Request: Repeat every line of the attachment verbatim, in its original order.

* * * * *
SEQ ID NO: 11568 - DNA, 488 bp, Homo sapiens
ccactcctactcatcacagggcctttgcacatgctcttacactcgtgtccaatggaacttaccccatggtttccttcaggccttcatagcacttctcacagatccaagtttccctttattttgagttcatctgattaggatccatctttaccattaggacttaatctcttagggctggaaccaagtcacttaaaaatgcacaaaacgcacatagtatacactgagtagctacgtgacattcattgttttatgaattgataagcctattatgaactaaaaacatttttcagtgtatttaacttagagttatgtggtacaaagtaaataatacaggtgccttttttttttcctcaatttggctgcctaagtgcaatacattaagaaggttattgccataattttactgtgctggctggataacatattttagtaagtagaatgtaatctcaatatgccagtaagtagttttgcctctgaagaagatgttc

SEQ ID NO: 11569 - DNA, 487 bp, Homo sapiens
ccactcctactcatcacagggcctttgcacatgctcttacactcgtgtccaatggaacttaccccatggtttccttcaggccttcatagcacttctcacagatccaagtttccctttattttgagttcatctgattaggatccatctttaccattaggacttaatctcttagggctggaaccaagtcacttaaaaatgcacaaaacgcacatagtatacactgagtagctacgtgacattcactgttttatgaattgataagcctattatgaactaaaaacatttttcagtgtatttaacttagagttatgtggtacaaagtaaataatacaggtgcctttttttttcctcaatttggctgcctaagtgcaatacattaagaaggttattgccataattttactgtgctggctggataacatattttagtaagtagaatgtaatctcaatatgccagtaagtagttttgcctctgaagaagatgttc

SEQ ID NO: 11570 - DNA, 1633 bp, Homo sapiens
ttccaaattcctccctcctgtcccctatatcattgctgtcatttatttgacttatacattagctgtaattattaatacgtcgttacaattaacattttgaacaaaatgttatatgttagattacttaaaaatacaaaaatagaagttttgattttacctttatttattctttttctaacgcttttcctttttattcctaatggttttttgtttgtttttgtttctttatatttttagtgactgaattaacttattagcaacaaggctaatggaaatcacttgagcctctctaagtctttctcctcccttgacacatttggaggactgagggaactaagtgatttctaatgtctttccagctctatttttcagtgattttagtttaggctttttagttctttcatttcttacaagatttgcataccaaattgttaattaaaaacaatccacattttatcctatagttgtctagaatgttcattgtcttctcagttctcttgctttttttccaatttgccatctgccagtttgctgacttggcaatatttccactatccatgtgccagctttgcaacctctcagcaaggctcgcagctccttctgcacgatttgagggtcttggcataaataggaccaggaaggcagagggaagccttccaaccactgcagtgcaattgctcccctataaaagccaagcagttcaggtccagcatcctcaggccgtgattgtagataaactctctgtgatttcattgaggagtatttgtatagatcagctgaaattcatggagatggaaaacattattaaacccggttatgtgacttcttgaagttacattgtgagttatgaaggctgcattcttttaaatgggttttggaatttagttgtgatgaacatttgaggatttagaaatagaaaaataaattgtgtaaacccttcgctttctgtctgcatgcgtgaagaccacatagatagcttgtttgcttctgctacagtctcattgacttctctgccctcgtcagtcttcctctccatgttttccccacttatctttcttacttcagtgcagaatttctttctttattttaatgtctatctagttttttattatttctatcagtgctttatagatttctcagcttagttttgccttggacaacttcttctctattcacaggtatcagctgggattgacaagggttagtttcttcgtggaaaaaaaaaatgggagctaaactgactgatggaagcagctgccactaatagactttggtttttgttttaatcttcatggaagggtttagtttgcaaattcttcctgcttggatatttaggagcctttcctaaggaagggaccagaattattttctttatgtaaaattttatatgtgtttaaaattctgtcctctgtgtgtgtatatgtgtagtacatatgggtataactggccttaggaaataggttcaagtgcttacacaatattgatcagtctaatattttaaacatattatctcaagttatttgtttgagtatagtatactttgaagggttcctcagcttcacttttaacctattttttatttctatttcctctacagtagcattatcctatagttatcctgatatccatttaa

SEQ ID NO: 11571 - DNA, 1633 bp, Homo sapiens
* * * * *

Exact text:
SEQ ID NO: 11568 - DNA, 488 bp, Homo sapiens
ccactcctactcatcacagggcctttgcacatgctcttacactcgtgtccaatggaacttaccccatggtttccttcaggccttcatagcacttctcacagatccaagtttccctttattttgagttcatctgattaggatccatctttaccattaggacttaatctcttagggctggaaccaagtcacttaaaaatgcacaaaacgcacatagtatacactgagtagctacgtgacattcattgttttatgaattgataagcctattatgaactaaaaacatttttcagtgtatttaacttagagttatgtggtacaaagtaaataatacaggtgccttttttttttcctcaatttggctgcctaagtgcaatacattaagaaggttattgccataattttactgtgctggctggataacatattttagtaagtagaatgtaatctcaatatgccagtaagtagttttgcctctgaagaagatgttc

SEQ ID NO: 11569 - DNA, 487 bp, Homo sapiens
ccactcctactcatcacagggcctttgcacatgctcttacactcgtgtccaatggaacttaccccatggtttccttcaggccttcatagcacttctcacagatccaagtttccctttattttgagttcatctgattaggatccatctttaccattaggacttaatctcttagggctggaaccaagtcacttaaaaatgcacaaaacgcacatagtatacactgagtagctacgtgacattcactgttttatgaattgataagcctattatgaactaaaaacatttttcagtgtatttaacttagagttatgtggtacaaagtaaataatacaggtgcctttttttttcctcaatttggctgcctaagtgcaatacattaagaaggttattgccataattttactgtgctggctggataacatattttagtaagtagaatgtaatctcaatatgccagtaagtagttttgcctctgaagaagatgttc

SEQ ID NO: 11570 - DNA, 1633 bp, Homo sapiens
ttccaaattcctccctcctgtcccctatatcattgctgtcatttatttgacttatacattagctgtaattattaatacgtcgttacaattaacattttgaacaaaatgttatatgttagattacttaaaaatacaaaaatagaagttttgattttacctttatttattctttttctaacgcttttcctttttattcctaatggttttttgtttgtttttgtttctttatatttttagtgactgaattaacttattagcaacaaggctaatggaaatcacttgagcctctctaagtctttctcctcccttgacacatttggaggactgagggaactaagtgatttctaatgtctttccagctctatttttcagtgattttagtttaggctttttagttctttcatttcttacaagatttgcataccaaattgttaattaaaaacaatccacattttatcctatagttgtctagaatgttcattgtcttctcagttctcttgctttttttccaatttgccatctgccagtttgctgacttggcaatatttccactatccatgtgccagctttgcaacctctcagcaaggctcgcagctccttctgcacgatttgagggtcttggcataaataggaccaggaaggcagagggaagccttccaaccactgcagtgcaattgctcccctataaaagccaagcagttcaggtccagcatcctcaggccgtgattgtagataaactctctgtgatttcattgaggagtatttgtatagatcagctgaaattcatggagatggaaaacattattaaacccggttatgtgacttcttgaagttacattgtgagttatgaaggctgcattcttttaaatgggttttggaatttagttgtgatgaacatttgaggatttagaaatagaaaaataaattgtgtaaacccttcgctttctgtctgcatgcgtgaagaccacatagatagcttgtttgcttctgctacagtctcattgacttctctgccctcgtcagtcttcctctccatgttttccccacttatctttcttacttcagtgcagaatttctttctttattttaatgtctatctagttttttattatttctatcagtgctttatagatttctcagcttagttttgccttggacaacttcttctctattcacaggtatcagctgggattgacaagggttagtttcttcgtggaaaaaaaaaatgggagctaaactgactgatggaagcagctgccactaatagactttggtttttgttttaatcttcatggaagggtttagtttgcaaattcttcctgcttggatatttaggagcctttcctaaggaagggaccagaattattttctttatgtaaaattttatatgtgtttaaaattctgtcctctgtgtgtgtatatgtgtagtacatatgggtataactggccttaggaaataggttcaagtgcttacacaatattgatcagtctaatattttaaacatattatctcaagttatttgtttgagtatagtatactttgaagggttcctcagcttcacttttaacctattttttatttctatttcctctacagtagcattatcctatagttatcctgatatccatttaa

SEQ ID NO: 11571 - DNA, 1633 bp, Homo sapiens